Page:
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Rain In The Face. At the Battle of Little Big Horn, he was alleged to have cut the heart out of Thomas Custer. According to legend, he was fulfilling a vow of vengeance. He thought Captain Tom Custer had unjustly imprisoned him in 1874 for the murder of Dr. John Honsinger. Some accounts claim that he had personally killed George Custer as well, but a number of similar claims have been attributed to other warriors. Late in his life, he denied killing George Custer or mutilating Tom Custer.
Photograph taken in 1879 during U.S. Army re-burial visit to the Custer batcitlefieldThe expedition was led by Captain George K. Sanderson, seen here in the foreground looking at the recently erected monument to Myles Keogh and the fallen members of Company I, 7th US Cavalry."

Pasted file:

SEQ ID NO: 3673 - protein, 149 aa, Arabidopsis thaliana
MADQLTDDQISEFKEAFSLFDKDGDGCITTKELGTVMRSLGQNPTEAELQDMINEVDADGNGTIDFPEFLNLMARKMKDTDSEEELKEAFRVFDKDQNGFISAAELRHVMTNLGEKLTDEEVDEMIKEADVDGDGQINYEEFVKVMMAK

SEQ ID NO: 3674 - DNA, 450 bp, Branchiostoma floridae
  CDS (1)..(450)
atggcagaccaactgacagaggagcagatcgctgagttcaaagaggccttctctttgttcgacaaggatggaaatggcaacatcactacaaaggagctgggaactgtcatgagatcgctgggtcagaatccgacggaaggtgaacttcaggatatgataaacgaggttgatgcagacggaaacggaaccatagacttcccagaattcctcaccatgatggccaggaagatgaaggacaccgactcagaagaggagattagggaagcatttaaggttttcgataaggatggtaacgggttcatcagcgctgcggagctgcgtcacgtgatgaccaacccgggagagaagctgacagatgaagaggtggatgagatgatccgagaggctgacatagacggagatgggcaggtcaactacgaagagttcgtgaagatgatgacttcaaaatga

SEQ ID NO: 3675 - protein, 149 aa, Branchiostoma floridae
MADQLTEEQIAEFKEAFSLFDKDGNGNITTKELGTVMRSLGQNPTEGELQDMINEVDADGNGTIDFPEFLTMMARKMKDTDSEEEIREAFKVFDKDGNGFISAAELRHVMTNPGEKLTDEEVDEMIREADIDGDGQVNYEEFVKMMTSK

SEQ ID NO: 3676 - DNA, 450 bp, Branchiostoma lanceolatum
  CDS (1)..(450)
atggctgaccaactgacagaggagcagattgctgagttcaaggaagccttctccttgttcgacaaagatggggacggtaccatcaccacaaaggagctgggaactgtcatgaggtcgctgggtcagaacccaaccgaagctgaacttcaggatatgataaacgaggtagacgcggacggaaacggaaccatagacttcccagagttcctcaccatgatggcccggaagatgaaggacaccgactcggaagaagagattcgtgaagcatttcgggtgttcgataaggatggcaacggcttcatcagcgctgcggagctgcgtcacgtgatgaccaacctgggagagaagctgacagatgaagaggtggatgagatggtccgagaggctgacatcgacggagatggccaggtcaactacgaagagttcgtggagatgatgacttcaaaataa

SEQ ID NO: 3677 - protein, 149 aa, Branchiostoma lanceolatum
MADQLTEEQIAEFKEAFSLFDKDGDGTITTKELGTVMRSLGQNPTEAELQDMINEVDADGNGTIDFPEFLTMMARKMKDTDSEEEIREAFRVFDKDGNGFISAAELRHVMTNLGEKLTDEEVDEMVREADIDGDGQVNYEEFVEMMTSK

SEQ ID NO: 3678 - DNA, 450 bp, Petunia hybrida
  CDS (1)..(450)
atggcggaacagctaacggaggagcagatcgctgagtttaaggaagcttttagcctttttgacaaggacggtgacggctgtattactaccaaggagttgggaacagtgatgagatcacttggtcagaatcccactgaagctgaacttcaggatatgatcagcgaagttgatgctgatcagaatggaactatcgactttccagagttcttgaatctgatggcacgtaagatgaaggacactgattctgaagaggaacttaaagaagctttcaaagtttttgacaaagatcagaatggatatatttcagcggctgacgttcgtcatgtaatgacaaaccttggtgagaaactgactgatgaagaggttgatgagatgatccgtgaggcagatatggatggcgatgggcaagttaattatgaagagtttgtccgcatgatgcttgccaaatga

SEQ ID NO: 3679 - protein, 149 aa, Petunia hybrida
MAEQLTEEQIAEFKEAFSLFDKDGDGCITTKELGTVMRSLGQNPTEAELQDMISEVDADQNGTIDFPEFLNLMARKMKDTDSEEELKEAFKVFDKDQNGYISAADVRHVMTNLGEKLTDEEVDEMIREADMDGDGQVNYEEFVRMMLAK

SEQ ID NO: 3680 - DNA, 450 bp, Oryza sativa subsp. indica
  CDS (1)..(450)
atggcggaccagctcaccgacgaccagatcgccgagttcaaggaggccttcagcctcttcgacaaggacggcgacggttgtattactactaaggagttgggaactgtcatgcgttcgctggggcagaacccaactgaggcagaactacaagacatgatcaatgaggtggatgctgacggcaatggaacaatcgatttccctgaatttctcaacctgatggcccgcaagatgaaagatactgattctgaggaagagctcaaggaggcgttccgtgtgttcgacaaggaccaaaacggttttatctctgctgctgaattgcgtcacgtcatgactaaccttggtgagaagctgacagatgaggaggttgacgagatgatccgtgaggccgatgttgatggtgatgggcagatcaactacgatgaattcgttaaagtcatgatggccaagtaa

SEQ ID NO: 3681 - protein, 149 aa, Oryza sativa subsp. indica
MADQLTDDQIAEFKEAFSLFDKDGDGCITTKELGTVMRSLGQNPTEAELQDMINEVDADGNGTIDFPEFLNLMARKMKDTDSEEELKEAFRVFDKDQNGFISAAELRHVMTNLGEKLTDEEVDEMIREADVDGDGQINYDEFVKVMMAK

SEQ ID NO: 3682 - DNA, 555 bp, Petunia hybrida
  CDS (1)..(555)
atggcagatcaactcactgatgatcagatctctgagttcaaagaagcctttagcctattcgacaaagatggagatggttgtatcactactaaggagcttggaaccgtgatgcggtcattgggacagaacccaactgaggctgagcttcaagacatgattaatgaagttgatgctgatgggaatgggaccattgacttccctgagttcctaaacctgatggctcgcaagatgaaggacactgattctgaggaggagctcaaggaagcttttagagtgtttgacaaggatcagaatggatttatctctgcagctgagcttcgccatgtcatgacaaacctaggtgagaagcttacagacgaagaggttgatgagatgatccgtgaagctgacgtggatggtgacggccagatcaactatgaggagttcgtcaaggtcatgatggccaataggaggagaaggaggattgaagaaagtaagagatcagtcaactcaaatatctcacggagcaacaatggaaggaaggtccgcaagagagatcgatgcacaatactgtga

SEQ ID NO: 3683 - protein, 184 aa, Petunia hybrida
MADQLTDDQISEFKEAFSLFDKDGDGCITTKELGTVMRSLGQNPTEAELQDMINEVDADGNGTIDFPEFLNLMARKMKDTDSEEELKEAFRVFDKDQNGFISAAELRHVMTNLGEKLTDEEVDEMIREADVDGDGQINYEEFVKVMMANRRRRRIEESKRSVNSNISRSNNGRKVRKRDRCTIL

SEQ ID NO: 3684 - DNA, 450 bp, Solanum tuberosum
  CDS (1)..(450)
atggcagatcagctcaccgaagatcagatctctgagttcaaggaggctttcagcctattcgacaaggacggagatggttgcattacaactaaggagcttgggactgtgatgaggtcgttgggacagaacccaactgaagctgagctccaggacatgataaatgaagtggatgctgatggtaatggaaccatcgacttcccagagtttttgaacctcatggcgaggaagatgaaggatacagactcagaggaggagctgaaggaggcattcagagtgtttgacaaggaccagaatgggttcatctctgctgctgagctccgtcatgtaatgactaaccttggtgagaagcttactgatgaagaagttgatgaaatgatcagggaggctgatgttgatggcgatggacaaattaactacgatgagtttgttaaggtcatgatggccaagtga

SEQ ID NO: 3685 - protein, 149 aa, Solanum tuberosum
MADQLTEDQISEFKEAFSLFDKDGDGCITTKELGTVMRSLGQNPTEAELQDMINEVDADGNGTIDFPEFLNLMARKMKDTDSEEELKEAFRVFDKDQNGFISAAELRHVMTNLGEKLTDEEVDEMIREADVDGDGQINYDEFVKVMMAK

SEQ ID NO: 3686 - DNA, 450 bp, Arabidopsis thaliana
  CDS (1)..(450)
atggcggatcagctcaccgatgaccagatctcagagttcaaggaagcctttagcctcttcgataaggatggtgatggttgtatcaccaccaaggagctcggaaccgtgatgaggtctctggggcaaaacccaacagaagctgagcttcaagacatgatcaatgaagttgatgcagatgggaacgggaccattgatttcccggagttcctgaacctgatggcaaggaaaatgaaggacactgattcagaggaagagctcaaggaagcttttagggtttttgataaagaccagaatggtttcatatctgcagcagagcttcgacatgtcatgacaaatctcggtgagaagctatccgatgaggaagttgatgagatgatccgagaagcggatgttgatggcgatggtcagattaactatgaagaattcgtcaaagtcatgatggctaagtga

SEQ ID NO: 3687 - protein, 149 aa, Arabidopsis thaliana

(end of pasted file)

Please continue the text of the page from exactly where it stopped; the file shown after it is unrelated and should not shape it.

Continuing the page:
On June 25 1876, George Armstrong Custer and the 7th Cavalry attempted to attack a united force of Sioux and Cheyenne Indians. Custer underestimated the opposing side's size and skill, and the 7th Cavalry was wiped out at the Battle of the Little Big Horn.
Photo: Black Elk and Elk - Black Elk was involved in several battles with the U.S. cavalry. He participated, at about the age of twelve, in the Battle of Little Big Horn of 1876, and was injured in the Wounded Knee Massacre. He became a Medicine Man of the Oglala Sioux.